DTD will watch and publish interesting movies.
'The Living End' is a movie directed by Gregg Araki.
'The Living End' is a movie directed by Gregg Araki.
It blow my mind at the time. It was the year 1992. The story, short: Luke is a gay hustler. Jon is a movie critic. Both are HIV positive. They go on a hedonistic, dangerous journey, their motto "Fuck the world".
Since then Gregg Araki made films like: Totally F***ed Up (1993), The Doom Generation (1995), Mysterious Skin (2004) and Kaboom (2010).
All really 'must see' movies.
BLACK humor doesn't get much darker than "The Living End," the story of two H.I.V.-positive young men who manage to turn potential tragedy into a desperate, uproarious celebration of their new-found nihilistic freedom. Doing himself a great disservice, the writer and director Gregg Araki labels his work "an irresponsible movie" when in fact it has the power of honesty and originality, as well as the weight of legitimate frustration. Miraculously, it also has a buoyant, mischievous spirit that transcends any hint of gloom.
Working on a shoestring, Mr. Araki has made a candid, freewheeling road movie that ably represents the boom of gay-oriented talent evident in this year's New Directors/New Films series at the Museum of Modern Art (where the film will be shown today at 6 P.M. and Sunday at 9 P.M.). Among the festival's several entries with gay themes, this is easily the most uncomplicatedly entertaining.
Mr. Araki has managed to make even morbidity seem intrinsically droll, from a character's remark that this is "the first day of the rest of my life" to the slogan "Choose Death" on a bumper sticker. Suddenly, in this film's funhouse universe, even the simplest of platitudes looks mad. Normal life ceases to exist for this film's two main characters as soon as they receive their bad news. And the passion that develops between them, however playful it appears, is truly a matter of life or death.
Wearing his cinematic influences on his sleeve, Mr. Araki acknowledges film makers including Jean-Luc Godard, Andy Warhol and Derek Jarman during the course of his story, and he stages that story with a mock nonchalance reminiscent of Jim Jarmusch or Gus Van Sant. Even the offhanded "Sorry" with which a doctor tells Jon (Craig Gilmore) that he has tested H.I.V.-positive is given an absurdly downbeat, casual spin.
In that context, the film's outbursts of violence seem no less bizarre than its tiny proprieties. And its crime spree is presented as an understandable response to AIDS-induced rage. Like "Thelma and Louise," which it resembles on a more modest and desperate scale, "The Living End" uses crime as a way of extricating its characters from everyday society, and not as an occasion for passing moral judgment on their behavior. Getting out is what matters, not getting even.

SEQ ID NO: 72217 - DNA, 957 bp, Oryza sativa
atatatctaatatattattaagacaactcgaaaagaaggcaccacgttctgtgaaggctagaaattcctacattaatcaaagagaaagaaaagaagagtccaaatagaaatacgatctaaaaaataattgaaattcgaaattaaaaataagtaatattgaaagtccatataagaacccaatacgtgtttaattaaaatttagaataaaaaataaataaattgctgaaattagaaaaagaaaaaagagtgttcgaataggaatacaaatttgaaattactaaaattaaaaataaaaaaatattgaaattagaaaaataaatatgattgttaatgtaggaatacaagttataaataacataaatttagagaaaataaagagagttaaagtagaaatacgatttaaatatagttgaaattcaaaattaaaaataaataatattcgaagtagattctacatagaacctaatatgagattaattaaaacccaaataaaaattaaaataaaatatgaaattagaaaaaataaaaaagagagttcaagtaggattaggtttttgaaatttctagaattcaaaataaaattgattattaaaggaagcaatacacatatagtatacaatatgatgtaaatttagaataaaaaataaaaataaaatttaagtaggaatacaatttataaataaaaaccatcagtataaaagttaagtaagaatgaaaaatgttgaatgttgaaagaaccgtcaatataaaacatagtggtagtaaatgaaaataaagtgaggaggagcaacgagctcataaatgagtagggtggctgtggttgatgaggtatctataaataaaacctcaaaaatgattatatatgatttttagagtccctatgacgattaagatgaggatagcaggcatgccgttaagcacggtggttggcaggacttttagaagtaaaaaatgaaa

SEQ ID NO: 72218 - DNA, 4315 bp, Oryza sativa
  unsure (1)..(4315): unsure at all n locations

Soon after Jon receives his diagnosis, he encounters a handsome hustler named Luke (Mike Dytri), whose more raucous exploits have been separately detailed early in the film. In a campy but crudely executed sequence, Luke is seen stealing a car from two killer lesbians (the screen does not need any more killer lesbians at the moment) and irritably throwing away their audiotapes of K. D. Lang and Michelle Shocked. He is then seen sexually involved with a man who likes to be spanked with a tennis racquet, and who insists that Luke keep score ("15-love").
Luke even witnesses a murder, an event staged with the type of cartoonish exaggeration that Mr. Araki succeeds in making unexpectedly droll. Compared with the more conventional Jon, Luke seems a real rebel, but the two soon overcome their differences to begin a fervent love affair. When they begin having sex, Jon forces himself to acknowledge his recent diagnosis, but Luke's response is typically cool. "Welcome to the club, partner," he whispers.
Mr. Araki gets a lot of mileage out of the cultural climate from which Jon, a film critic, has emerged. "You know what they say: those that can't do, teach; and those that can't teach get 25 cents a word to rip other people's work to shreds," he explains when Luke visits his apartment, which is filled with carefully selected movie posters. It's also said that one of the film's characters is so oversensitive he suffered a lengthy depression when Echo and the Bunnymen broke up. The film easily shifts between these sorts of dry asides (many of them shared by Jon and a woman named Darcy, his close friend) and observations of a more solemn kind. "The generation before us had all the fun," says one of the film's handsome, 20-ish heroes. "And we get to pick up the tab."
The ragged humor of "The Living End" wears thinner as the characters discuss sex, death and the afterlife, and begin to come face to face with their fate. Mr. Araki, for all his playfulness, fully grasps his heroes' situation, and he does not presume to invent an easy escape. Rudely funny as it is about most things, "The Living End" doesn't trivialize AIDS in any way. What it does instead is give vibrant, angry substance to the phrase "till death do us part." The Living End Written, directed, photographed and edited by Gregg Araki; music by Cole Coonce; produced by Marcus Hu and Jon Gerrans.